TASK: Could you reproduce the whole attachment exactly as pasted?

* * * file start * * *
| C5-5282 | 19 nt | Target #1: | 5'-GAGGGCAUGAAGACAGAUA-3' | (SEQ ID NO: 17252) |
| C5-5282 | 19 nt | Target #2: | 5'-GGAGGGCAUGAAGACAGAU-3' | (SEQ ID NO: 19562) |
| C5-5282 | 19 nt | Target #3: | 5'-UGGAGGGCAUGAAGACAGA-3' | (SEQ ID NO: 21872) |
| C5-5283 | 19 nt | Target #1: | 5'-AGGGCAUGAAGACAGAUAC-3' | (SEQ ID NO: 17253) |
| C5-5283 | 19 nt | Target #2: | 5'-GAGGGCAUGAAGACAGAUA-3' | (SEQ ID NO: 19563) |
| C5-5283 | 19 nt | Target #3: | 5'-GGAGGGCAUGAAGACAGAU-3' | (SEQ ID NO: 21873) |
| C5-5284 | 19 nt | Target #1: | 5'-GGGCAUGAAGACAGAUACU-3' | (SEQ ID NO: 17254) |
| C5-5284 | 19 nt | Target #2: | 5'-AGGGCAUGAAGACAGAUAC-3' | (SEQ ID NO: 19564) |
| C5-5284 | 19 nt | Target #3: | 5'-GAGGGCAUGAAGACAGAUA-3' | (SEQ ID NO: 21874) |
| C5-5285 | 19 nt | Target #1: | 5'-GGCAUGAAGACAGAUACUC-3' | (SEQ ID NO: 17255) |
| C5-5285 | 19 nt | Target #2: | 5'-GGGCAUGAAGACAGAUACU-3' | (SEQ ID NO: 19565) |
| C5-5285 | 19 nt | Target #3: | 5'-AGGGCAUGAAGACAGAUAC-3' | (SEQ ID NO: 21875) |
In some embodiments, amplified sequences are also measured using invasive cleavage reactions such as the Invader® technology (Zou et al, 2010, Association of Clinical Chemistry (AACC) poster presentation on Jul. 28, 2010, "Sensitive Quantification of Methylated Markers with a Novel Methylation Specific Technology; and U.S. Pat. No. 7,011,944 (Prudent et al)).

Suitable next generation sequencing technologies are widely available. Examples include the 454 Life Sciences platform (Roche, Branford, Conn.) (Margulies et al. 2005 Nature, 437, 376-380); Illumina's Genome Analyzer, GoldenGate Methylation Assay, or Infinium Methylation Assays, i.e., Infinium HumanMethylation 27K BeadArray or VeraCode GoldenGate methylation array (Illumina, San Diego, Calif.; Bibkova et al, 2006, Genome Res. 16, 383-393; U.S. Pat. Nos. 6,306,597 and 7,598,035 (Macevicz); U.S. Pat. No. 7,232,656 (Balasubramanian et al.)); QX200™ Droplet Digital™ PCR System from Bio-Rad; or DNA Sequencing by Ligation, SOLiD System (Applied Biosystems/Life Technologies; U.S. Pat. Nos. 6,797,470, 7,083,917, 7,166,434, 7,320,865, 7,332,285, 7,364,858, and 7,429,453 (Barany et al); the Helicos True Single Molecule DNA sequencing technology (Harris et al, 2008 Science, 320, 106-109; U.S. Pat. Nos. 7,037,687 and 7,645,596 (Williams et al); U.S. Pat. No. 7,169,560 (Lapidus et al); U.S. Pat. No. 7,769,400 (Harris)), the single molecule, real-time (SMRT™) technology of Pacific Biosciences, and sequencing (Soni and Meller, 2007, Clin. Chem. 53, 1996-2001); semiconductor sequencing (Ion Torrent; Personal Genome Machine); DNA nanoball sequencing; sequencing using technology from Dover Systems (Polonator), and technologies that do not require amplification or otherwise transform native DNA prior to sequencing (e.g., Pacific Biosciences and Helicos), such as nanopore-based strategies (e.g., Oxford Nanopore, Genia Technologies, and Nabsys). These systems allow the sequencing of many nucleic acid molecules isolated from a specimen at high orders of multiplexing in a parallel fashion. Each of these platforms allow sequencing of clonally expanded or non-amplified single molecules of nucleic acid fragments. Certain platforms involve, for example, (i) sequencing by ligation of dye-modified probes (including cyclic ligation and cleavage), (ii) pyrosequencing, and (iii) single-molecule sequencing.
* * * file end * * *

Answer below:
| C5-5282 | 19 nt | Target #1: | 5'-GAGGGCAUGAAGACAGAUA-3' | (SEQ ID NO: 17252) |
| C5-5282 | 19 nt | Target #2: | 5'-GGAGGGCAUGAAGACAGAU-3' | (SEQ ID NO: 19562) |
| C5-5282 | 19 nt | Target #3: | 5'-UGGAGGGCAUGAAGACAGA-3' | (SEQ ID NO: 21872) |
| C5-5283 | 19 nt | Target #1: | 5'-AGGGCAUGAAGACAGAUAC-3' | (SEQ ID NO: 17253) |
| C5-5283 | 19 nt | Target #2: | 5'-GAGGGCAUGAAGACAGAUA-3' | (SEQ ID NO: 19563) |
| C5-5283 | 19 nt | Target #3: | 5'-GGAGGGCAUGAAGACAGAU-3' | (SEQ ID NO: 21873) |
| C5-5284 | 19 nt | Target #1: | 5'-GGGCAUGAAGACAGAUACU-3' | (SEQ ID NO: 17254) |
| C5-5284 | 19 nt | Target #2: | 5'-AGGGCAUGAAGACAGAUAC-3' | (SEQ ID NO: 19564) |
| C5-5284 | 19 nt | Target #3: | 5'-GAGGGCAUGAAGACAGAUA-3' | (SEQ ID NO: 21874) |
| C5-5285 | 19 nt | Target #1: | 5'-GGCAUGAAGACAGAUACUC-3' | (SEQ ID NO: 17255) |
| C5-5285 | 19 nt | Target #2: | 5'-GGGCAUGAAGACAGAUACU-3' | (SEQ ID NO: 19565) |
| C5-5285 | 19 nt | Target #3: | 5'-AGGGCAUGAAGACAGAUAC-3' | (SEQ ID NO: 21875) |
In some embodiments, amplified sequences are also measured using invasive cleavage reactions such as the Invader® technology (Zou et al, 2010, Association of Clinical Chemistry (AACC) poster presentation on Jul. 28, 2010, "Sensitive Quantification of Methylated Markers with a Novel Methylation Specific Technology; and U.S. Pat. No. 7,011,944 (Prudent et al)).

Suitable next generation sequencing technologies are widely available. Examples include the 454 Life Sciences platform (Roche, Branford, Conn.) (Margulies et al. 2005 Nature, 437, 376-380); Illumina's Genome Analyzer, GoldenGate Methylation Assay, or Infinium Methylation Assays, i.e., Infinium HumanMethylation 27K BeadArray or VeraCode GoldenGate methylation array (Illumina, San Diego, Calif.; Bibkova et al, 2006, Genome Res. 16, 383-393; U.S. Pat. Nos. 6,306,597 and 7,598,035 (Macevicz); U.S. Pat. No. 7,232,656 (Balasubramanian et al.)); QX200™ Droplet Digital™ PCR System from Bio-Rad; or DNA Sequencing by Ligation, SOLiD System (Applied Biosystems/Life Technologies; U.S. Pat. Nos. 6,797,470, 7,083,917, 7,166,434, 7,320,865, 7,332,285, 7,364,858, and 7,429,453 (Barany et al); the Helicos True Single Molecule DNA sequencing technology (Harris et al, 2008 Science, 320, 106-109; U.S. Pat. Nos. 7,037,687 and 7,645,596 (Williams et al); U.S. Pat. No. 7,169,560 (Lapidus et al); U.S. Pat. No. 7,769,400 (Harris)), the single molecule, real-time (SMRT™) technology of Pacific Biosciences, and sequencing (Soni and Meller, 2007, Clin. Chem. 53, 1996-2001); semiconductor sequencing (Ion Torrent; Personal Genome Machine); DNA nanoball sequencing; sequencing using technology from Dover Systems (Polonator), and technologies that do not require amplification or otherwise transform native DNA prior to sequencing (e.g., Pacific Biosciences and Helicos), such as nanopore-based strategies (e.g., Oxford Nanopore, Genia Technologies, and Nabsys). These systems allow the sequencing of many nucleic acid molecules isolated from a specimen at high orders of multiplexing in a parallel fashion. Each of these platforms allow sequencing of clonally expanded or non-amplified single molecules of nucleic acid fragments. Certain platforms involve, for example, (i) sequencing by ligation of dye-modified probes (including cyclic ligation and cleavage), (ii) pyrosequencing, and (iii) single-molecule sequencing.